▶ Listen: Oswald talks about Cuba and Ed Butler listens

From JFK Lancer, a recording of radio program broadcast by WDSU radio in New Orleans on August 20, 1963.

▶ Lee H. Oswald debates the Cuba issue with anti-communist activist Ed Butler, and anti-Castro militant Carlos Bringuier of Cuban Student Directorate (DRE)

Bringuier is an important witness, and the the CIA-sponsored DRE, is significant. But recently it is Butler’s role in this debate that holds my interest. Read more

Warren Commission wanted to avoid transparency

H/T Pat Speer,

An interesting entry from the journals of Howard Willens, attorney for the Warren Commission, about how the Commission wanted to avoid transparency “for a year or two.”

Willens, a retired attorney turned historian,  is the author of the book, History Will Prove Us Right, which defends the Warren Commission’s work and conclusions. (For an excerpt of the book, read here.)

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What’s the best recent book about the JFK assassination?

By recent I mean published for the first time in the last 10 years.

Travels with John Judge (1948-2014)

From Bill Kelly, an affectionate memoir of the late JFK researcher and organizer who never tired of demanding the full record of JFK’s assassination. Read more

Who found Oswald’s wallet?


The story of the murder of Dallas police officer J. D. Tippit on November 22, 1963, took an unexpected twist this past year.

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Look for it: Inside Oswald’s wallet

Seen at the crime: Dallas police officers handling Lee Oswald’s wallet

From Bill Simpich, author of the revelatory new book State Secret, comes another piece of original research into JFK’s assassination:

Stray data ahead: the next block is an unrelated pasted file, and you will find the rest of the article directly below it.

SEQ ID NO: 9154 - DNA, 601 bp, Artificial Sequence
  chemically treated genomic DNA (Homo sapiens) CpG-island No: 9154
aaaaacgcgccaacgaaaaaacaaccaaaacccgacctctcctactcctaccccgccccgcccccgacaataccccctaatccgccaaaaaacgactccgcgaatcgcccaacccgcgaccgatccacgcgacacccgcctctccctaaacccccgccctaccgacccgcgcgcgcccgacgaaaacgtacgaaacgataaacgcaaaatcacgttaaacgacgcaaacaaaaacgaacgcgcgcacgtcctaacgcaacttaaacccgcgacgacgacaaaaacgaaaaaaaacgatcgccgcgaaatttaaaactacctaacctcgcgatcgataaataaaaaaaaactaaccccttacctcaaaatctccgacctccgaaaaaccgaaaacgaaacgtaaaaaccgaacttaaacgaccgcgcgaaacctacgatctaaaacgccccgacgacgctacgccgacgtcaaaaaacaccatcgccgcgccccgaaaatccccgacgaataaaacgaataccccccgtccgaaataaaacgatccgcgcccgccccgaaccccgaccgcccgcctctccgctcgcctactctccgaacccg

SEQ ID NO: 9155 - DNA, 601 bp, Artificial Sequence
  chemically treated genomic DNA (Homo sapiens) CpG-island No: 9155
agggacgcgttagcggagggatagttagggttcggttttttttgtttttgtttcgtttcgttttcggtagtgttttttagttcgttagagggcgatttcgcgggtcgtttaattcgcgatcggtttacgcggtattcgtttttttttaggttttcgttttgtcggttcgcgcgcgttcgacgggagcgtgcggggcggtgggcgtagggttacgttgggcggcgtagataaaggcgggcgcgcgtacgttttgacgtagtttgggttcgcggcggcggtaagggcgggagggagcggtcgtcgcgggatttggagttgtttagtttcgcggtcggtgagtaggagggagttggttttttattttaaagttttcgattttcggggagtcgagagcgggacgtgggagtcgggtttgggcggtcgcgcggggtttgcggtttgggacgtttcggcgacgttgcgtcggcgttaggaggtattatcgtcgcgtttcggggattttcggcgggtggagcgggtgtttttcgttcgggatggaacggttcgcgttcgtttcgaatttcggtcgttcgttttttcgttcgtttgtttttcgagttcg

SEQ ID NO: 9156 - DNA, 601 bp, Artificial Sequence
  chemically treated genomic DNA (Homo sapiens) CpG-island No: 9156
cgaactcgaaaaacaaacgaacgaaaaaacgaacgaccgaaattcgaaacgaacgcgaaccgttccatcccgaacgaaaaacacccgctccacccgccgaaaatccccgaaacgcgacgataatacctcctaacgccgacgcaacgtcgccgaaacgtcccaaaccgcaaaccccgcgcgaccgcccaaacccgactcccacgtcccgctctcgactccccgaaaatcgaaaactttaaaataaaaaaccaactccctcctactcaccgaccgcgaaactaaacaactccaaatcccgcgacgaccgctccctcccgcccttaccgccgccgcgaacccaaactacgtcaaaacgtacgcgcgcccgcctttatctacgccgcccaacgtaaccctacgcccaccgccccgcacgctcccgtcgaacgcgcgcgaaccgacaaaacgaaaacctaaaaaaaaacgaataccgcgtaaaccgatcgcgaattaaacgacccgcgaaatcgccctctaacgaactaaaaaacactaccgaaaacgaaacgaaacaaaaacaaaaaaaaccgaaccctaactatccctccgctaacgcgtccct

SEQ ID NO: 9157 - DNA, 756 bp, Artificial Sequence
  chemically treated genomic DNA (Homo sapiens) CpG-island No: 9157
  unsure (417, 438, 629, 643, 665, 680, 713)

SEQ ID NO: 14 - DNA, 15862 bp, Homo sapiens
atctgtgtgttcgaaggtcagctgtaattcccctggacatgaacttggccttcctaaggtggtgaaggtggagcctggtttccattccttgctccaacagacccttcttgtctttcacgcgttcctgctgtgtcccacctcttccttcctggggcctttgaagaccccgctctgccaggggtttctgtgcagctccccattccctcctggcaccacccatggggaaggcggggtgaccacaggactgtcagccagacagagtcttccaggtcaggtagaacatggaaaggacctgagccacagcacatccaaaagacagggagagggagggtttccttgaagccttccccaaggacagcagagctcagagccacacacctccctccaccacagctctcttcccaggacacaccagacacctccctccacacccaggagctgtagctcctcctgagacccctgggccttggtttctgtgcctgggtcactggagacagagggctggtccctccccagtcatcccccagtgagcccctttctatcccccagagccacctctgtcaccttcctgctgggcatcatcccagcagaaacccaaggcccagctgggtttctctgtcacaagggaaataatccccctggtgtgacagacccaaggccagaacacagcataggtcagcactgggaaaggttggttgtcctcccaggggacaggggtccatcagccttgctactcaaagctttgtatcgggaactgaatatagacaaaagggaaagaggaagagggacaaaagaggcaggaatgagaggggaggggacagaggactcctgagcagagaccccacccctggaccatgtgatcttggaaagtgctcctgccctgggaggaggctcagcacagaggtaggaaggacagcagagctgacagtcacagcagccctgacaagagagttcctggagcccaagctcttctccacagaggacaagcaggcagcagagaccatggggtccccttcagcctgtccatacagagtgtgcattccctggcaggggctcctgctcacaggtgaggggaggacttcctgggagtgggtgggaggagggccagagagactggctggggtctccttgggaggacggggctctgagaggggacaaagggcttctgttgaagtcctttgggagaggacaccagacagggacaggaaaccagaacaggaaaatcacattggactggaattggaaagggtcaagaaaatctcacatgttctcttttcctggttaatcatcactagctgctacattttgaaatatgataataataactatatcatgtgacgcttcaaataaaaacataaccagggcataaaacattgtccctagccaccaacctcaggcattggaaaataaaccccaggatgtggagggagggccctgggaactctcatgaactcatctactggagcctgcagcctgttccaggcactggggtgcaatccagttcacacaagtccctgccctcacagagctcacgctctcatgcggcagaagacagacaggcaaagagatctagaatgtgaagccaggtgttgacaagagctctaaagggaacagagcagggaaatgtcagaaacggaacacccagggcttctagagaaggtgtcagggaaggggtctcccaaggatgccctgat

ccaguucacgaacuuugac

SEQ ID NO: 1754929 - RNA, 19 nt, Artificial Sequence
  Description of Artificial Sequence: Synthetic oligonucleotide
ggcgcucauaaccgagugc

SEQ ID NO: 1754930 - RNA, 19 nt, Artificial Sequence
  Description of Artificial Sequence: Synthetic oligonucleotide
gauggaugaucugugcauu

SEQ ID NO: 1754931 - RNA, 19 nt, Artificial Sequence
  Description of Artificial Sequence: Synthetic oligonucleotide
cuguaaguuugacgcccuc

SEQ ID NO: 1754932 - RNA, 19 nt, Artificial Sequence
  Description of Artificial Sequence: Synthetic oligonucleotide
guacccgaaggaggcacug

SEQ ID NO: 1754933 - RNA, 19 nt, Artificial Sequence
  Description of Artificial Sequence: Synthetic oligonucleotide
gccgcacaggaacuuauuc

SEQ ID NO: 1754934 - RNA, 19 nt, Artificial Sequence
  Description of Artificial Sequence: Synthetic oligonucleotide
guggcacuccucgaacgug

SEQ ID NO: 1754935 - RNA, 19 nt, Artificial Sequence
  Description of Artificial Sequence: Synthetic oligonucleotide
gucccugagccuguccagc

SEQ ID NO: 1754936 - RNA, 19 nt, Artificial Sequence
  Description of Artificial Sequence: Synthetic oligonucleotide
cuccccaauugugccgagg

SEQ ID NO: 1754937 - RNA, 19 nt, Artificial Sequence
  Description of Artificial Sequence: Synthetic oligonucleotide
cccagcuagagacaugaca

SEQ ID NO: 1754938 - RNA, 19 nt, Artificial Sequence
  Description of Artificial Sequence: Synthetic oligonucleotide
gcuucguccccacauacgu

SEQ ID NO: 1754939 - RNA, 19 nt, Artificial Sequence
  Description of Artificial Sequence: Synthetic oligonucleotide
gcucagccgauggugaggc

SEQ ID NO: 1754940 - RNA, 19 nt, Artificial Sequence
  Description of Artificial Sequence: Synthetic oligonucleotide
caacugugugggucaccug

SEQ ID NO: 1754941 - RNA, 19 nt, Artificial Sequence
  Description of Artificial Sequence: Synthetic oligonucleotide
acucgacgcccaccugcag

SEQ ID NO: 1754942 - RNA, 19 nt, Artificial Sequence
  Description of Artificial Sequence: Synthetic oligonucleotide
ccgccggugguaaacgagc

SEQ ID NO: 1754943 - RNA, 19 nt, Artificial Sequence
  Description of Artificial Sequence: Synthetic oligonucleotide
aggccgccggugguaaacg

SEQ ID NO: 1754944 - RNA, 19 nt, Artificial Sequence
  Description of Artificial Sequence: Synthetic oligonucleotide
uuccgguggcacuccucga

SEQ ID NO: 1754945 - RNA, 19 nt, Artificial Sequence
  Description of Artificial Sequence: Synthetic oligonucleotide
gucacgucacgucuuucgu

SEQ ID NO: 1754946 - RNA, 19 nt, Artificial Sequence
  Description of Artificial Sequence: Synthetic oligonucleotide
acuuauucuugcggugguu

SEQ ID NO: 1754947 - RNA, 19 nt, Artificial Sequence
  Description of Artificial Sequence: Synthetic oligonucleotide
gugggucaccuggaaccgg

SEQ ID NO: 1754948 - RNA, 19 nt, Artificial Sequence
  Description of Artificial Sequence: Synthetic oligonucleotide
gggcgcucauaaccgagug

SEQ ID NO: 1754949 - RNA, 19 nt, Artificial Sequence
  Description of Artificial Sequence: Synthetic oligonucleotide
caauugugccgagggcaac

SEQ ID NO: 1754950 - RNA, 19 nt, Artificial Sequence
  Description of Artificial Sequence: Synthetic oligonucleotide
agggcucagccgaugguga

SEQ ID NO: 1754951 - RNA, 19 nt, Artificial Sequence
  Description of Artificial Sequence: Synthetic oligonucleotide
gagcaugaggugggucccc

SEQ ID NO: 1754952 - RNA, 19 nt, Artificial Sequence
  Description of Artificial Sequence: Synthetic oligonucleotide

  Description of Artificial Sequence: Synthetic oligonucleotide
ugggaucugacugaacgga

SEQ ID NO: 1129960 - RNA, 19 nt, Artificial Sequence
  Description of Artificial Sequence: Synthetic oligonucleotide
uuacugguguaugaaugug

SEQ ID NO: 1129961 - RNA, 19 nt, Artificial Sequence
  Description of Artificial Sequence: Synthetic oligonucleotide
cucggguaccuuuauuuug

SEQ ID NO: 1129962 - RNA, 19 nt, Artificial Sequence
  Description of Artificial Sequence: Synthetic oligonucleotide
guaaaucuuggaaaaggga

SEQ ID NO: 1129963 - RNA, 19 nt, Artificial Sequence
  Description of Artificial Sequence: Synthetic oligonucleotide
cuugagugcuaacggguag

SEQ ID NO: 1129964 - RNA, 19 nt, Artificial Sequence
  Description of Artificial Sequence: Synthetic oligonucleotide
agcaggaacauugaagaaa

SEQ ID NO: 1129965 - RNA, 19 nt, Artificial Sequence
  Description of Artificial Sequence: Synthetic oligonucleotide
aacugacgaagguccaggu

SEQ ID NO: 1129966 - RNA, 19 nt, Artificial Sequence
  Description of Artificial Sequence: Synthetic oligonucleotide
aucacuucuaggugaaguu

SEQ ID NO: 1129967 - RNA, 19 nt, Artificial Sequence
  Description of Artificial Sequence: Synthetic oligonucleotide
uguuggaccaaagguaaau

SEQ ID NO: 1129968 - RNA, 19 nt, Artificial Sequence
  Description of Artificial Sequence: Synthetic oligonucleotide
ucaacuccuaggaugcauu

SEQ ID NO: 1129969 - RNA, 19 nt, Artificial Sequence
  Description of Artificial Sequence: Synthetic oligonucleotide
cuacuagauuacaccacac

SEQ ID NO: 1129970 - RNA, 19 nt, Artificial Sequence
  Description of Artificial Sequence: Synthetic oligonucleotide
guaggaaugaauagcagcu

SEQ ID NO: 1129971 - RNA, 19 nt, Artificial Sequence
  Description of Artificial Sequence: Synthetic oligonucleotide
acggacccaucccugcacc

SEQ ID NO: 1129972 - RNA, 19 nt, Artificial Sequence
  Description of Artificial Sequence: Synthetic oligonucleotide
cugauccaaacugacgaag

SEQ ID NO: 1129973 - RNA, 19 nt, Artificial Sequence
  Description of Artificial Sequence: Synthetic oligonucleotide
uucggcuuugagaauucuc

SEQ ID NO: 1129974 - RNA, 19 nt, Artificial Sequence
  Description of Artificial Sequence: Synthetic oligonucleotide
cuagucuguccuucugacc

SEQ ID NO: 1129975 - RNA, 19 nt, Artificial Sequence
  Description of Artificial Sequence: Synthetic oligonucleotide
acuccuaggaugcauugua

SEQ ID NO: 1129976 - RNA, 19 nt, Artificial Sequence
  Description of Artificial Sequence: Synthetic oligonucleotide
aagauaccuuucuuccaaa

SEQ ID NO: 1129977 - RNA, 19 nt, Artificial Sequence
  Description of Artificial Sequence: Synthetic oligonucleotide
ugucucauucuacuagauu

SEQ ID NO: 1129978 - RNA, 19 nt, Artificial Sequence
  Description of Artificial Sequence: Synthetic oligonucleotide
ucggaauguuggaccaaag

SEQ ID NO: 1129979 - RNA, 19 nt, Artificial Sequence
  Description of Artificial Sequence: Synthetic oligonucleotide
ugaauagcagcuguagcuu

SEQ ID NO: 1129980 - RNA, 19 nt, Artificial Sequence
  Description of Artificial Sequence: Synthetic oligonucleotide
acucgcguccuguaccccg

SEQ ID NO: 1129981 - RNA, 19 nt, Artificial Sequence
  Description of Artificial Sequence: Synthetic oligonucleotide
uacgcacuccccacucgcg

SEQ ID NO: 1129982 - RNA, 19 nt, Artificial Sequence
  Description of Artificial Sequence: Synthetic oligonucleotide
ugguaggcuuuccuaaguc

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DId the CIA destroy an Oswald tape?

Probably.  A  tape recording of man identifying himself as Oswald was probably destroyed in January 1986. This question, prompted by a comment from reader JSA, is a natural follow up to the question, “Did the CIA track Oswald before JFK was killed?”

Some thing the tape may still exist but I think the evidence suggests otherwise. What is certain is that contrary to the false claims of the CIA, the tape existed after November 22, 1963.
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Justice Dept. denies CIA officer was honored for JFK cover-up

A Justice Department official denied in a federal court filing last month that undercover officer George Joannides received a CIA medal for deceptive actions related to the assassination of President John F. Kennedy 49 years ago but the claim cannot be verified.

Joannides medal

Retired CIA officer George Joannides (left) received the Career Intelligence Medal from deputy CIA director Bobby Ray Inman on July 15, 1981.    (Photo credit: CIA)

“The CIA has consistently challenged the notion that a career award could be seen as explicit or tacit approval of any one assignment in Joannides’s 30-year career,” asserted Ronald Machen, U.S. Attorney for the District of Columbia, in a brief filed on Nov. 21 in the D.C. Court of Appeals.